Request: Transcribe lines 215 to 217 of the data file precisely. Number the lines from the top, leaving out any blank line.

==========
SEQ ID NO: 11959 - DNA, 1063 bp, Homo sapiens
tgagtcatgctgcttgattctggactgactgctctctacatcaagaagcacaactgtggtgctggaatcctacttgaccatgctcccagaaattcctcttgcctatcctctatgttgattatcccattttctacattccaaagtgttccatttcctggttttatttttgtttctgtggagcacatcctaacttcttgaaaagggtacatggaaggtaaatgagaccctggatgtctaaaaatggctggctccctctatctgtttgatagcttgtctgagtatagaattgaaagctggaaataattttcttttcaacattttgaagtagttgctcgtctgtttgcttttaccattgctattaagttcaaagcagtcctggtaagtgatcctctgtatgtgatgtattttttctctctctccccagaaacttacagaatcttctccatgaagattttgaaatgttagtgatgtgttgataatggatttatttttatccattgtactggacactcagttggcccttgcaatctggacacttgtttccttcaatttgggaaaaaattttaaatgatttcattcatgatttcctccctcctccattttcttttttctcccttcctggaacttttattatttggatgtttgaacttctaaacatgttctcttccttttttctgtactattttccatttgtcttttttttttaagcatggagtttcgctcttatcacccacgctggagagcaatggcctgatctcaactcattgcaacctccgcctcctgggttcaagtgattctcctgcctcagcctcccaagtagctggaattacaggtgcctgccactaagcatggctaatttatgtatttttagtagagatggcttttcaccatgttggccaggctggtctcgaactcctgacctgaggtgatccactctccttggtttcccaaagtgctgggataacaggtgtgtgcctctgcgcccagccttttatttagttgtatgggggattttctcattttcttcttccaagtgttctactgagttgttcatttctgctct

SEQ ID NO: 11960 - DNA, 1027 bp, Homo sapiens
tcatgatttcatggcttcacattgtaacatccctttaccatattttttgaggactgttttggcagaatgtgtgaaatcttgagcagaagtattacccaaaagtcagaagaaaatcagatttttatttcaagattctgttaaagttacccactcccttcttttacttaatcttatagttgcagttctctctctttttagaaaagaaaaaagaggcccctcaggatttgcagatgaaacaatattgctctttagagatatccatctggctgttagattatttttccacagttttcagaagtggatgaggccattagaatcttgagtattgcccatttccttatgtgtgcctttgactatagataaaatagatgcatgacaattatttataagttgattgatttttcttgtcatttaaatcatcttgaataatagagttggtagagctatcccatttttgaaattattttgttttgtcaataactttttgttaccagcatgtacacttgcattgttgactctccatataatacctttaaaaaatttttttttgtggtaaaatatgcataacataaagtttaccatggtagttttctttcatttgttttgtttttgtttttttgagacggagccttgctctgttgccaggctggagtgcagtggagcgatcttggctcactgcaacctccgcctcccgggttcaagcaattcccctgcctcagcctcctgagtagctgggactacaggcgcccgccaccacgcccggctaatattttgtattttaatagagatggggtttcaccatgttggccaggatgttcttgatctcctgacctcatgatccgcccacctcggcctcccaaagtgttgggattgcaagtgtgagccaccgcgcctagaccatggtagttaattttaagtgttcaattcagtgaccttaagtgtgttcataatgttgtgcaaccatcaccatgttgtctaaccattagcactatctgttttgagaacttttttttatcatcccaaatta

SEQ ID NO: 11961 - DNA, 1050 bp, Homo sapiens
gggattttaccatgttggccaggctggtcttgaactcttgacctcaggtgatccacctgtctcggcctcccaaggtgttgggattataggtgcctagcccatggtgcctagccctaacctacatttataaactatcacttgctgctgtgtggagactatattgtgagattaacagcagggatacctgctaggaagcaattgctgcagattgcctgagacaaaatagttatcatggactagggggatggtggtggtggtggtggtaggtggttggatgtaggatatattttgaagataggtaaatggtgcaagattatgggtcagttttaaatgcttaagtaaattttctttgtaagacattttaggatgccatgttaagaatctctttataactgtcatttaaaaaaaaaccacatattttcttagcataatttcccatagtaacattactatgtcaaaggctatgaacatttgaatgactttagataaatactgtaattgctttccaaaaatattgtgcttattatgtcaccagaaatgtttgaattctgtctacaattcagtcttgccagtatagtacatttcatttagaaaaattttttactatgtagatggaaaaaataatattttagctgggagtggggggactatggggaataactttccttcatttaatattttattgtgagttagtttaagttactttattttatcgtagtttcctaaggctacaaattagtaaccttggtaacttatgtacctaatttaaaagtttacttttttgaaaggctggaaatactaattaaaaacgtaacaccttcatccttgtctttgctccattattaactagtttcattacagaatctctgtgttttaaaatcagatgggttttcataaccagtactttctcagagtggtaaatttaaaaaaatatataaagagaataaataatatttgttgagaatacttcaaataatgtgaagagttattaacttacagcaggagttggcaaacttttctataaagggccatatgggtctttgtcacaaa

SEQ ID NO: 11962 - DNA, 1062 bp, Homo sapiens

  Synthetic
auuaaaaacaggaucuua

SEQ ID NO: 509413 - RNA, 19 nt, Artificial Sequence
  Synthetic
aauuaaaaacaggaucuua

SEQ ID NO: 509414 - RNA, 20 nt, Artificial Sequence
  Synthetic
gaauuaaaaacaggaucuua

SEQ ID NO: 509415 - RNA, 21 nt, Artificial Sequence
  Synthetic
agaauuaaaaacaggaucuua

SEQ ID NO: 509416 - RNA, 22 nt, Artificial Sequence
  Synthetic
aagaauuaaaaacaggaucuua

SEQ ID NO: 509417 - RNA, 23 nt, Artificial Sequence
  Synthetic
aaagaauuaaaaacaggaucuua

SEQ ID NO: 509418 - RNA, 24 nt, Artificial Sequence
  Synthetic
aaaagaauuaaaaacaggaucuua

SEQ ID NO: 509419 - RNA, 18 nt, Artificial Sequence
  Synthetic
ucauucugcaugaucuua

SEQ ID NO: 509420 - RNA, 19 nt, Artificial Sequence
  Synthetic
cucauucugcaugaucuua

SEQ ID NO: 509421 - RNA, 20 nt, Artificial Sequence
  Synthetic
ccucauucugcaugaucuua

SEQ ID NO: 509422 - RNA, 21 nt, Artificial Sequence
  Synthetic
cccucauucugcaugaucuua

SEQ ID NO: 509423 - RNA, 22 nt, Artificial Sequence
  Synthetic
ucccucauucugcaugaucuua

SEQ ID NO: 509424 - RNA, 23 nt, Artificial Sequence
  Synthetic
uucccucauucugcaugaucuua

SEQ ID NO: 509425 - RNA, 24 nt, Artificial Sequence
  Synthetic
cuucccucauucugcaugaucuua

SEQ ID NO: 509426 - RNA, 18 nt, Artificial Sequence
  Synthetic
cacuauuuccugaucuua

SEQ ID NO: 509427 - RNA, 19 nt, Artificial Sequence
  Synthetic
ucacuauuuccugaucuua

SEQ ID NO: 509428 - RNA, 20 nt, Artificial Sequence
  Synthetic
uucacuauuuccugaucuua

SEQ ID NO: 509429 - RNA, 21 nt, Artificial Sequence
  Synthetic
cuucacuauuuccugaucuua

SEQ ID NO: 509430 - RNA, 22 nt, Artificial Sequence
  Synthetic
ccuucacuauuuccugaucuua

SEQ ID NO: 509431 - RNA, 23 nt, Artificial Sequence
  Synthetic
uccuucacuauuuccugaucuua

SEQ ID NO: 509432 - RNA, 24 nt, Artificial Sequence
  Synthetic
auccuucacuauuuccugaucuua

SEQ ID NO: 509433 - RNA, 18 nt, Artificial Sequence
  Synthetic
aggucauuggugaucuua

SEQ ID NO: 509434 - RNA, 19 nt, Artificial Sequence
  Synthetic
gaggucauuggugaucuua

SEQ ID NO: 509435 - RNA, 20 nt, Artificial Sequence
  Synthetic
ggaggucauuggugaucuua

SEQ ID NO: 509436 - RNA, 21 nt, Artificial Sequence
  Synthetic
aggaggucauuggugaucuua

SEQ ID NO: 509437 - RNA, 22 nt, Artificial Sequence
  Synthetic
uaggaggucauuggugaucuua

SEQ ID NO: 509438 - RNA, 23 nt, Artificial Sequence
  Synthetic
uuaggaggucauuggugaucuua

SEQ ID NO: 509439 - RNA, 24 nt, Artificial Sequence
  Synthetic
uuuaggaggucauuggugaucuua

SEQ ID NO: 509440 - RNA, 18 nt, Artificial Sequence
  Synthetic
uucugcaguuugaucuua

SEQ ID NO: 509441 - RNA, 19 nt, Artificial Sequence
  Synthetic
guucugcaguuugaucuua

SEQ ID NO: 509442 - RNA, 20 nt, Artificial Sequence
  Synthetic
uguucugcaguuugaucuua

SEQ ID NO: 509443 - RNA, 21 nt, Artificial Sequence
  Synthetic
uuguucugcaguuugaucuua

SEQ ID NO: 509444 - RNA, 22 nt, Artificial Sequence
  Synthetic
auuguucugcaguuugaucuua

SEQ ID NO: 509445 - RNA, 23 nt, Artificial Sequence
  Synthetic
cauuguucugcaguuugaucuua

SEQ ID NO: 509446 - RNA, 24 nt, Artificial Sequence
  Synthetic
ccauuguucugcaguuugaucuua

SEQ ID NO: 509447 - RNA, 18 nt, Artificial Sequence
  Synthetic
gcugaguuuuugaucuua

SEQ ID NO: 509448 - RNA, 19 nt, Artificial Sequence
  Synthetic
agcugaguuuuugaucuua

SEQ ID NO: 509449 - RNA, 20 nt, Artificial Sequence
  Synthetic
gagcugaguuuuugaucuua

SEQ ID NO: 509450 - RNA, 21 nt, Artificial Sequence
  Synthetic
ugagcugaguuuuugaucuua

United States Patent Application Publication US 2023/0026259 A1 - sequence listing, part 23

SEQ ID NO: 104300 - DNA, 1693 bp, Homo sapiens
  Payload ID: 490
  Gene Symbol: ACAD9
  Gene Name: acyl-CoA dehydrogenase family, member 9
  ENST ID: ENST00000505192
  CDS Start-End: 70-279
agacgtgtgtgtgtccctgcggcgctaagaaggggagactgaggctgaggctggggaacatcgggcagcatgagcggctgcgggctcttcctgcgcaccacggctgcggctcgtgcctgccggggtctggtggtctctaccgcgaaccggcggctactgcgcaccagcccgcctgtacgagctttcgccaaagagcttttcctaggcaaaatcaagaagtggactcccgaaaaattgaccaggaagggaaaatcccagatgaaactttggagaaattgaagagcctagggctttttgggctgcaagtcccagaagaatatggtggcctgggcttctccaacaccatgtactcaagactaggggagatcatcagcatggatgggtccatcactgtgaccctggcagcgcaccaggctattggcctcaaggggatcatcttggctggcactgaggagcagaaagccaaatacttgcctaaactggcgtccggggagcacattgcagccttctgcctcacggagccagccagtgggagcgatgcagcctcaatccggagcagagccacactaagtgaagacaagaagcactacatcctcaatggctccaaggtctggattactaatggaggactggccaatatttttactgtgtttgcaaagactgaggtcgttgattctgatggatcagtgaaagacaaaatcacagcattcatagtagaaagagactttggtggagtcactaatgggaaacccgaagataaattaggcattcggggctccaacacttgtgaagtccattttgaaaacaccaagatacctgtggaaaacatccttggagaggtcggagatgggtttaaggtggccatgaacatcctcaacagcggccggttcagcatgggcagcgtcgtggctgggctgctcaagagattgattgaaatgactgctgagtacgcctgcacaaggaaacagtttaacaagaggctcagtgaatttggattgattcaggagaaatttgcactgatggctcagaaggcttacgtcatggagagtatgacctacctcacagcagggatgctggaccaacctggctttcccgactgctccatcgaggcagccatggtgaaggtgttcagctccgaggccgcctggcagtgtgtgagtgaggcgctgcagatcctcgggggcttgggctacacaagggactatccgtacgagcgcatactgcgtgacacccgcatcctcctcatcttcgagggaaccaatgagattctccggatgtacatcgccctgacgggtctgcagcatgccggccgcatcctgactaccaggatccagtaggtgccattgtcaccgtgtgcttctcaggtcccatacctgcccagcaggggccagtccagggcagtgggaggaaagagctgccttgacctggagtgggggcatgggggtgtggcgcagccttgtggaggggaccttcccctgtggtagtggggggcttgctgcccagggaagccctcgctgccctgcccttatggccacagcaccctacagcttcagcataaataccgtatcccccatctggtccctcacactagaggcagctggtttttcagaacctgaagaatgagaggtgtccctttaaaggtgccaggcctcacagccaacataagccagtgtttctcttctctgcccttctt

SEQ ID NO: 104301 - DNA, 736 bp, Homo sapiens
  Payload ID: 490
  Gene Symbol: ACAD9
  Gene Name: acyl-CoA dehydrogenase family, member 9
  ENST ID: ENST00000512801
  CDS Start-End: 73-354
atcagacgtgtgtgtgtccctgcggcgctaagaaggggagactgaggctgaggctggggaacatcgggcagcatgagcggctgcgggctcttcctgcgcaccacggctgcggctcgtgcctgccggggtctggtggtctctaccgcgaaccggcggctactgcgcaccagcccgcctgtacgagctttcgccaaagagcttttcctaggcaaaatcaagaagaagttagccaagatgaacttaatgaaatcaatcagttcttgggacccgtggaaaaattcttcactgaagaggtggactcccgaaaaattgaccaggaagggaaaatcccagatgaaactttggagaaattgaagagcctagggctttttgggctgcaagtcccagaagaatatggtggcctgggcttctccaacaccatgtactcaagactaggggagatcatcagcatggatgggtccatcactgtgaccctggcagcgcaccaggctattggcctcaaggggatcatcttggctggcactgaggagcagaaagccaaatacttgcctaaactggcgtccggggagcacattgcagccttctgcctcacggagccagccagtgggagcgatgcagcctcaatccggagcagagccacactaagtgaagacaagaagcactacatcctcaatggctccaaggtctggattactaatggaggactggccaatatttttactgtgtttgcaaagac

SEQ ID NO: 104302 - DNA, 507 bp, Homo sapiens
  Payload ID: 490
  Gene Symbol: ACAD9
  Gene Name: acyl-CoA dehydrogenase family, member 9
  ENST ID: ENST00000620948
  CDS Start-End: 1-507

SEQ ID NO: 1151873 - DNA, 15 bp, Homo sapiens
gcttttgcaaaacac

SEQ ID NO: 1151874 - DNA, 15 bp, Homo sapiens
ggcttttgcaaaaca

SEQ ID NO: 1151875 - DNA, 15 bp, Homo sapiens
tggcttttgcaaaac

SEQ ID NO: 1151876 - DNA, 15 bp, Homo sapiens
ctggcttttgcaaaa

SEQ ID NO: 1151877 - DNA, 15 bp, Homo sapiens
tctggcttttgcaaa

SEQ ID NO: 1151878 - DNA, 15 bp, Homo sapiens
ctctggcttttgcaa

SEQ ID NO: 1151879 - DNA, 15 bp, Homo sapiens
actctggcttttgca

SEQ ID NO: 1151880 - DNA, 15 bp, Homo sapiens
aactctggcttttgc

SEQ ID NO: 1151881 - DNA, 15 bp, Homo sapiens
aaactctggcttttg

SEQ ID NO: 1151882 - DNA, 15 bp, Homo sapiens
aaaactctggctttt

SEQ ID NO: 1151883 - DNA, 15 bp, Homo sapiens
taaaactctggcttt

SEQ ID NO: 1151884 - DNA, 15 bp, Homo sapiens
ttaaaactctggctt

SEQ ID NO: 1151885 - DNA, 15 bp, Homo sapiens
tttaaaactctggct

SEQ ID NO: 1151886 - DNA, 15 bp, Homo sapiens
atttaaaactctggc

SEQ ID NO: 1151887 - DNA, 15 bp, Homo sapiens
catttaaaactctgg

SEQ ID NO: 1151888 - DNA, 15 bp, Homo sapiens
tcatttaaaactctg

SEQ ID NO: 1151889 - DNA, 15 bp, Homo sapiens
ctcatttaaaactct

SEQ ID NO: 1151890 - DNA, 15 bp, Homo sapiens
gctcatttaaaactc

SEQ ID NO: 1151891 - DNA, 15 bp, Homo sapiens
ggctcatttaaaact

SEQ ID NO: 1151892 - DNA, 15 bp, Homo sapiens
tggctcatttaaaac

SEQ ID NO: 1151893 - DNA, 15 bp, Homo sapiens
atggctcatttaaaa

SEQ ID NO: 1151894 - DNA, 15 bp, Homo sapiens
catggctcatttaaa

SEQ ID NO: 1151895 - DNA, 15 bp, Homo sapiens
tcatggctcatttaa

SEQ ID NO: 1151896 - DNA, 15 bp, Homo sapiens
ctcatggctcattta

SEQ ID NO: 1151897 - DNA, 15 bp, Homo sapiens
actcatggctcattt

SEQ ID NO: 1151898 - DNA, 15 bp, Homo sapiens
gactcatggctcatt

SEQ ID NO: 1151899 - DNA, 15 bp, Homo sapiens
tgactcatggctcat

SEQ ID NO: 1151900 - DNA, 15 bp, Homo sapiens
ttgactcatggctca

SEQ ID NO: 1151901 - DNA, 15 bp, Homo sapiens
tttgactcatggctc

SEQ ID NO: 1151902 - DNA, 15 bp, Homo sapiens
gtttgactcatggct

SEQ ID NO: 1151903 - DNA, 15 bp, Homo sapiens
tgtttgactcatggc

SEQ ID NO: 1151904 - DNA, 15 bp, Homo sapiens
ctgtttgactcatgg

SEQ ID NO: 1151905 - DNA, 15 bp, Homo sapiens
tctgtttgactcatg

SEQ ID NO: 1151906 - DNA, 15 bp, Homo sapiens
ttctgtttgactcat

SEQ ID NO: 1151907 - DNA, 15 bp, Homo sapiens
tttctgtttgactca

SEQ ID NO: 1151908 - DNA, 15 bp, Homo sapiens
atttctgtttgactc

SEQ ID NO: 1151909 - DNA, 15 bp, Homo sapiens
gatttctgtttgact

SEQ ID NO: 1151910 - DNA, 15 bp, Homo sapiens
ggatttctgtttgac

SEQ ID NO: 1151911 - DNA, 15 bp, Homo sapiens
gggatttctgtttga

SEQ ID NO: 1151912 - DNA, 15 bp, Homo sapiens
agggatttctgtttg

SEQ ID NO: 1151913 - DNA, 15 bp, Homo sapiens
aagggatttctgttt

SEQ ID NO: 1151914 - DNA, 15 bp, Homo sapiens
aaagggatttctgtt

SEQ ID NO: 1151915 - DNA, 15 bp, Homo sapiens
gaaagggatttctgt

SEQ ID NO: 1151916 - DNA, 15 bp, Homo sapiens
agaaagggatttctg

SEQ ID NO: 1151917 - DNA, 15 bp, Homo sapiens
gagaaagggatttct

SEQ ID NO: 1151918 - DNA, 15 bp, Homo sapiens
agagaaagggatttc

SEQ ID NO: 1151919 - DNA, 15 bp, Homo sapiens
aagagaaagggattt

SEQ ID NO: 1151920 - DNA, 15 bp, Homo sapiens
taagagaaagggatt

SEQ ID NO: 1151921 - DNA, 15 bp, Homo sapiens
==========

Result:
SEQ ID NO: 1151908 - DNA, 15 bp, Homo sapiens
atttctgtttgactc

SEQ ID NO: 1151909 - DNA, 15 bp, Homo sapiens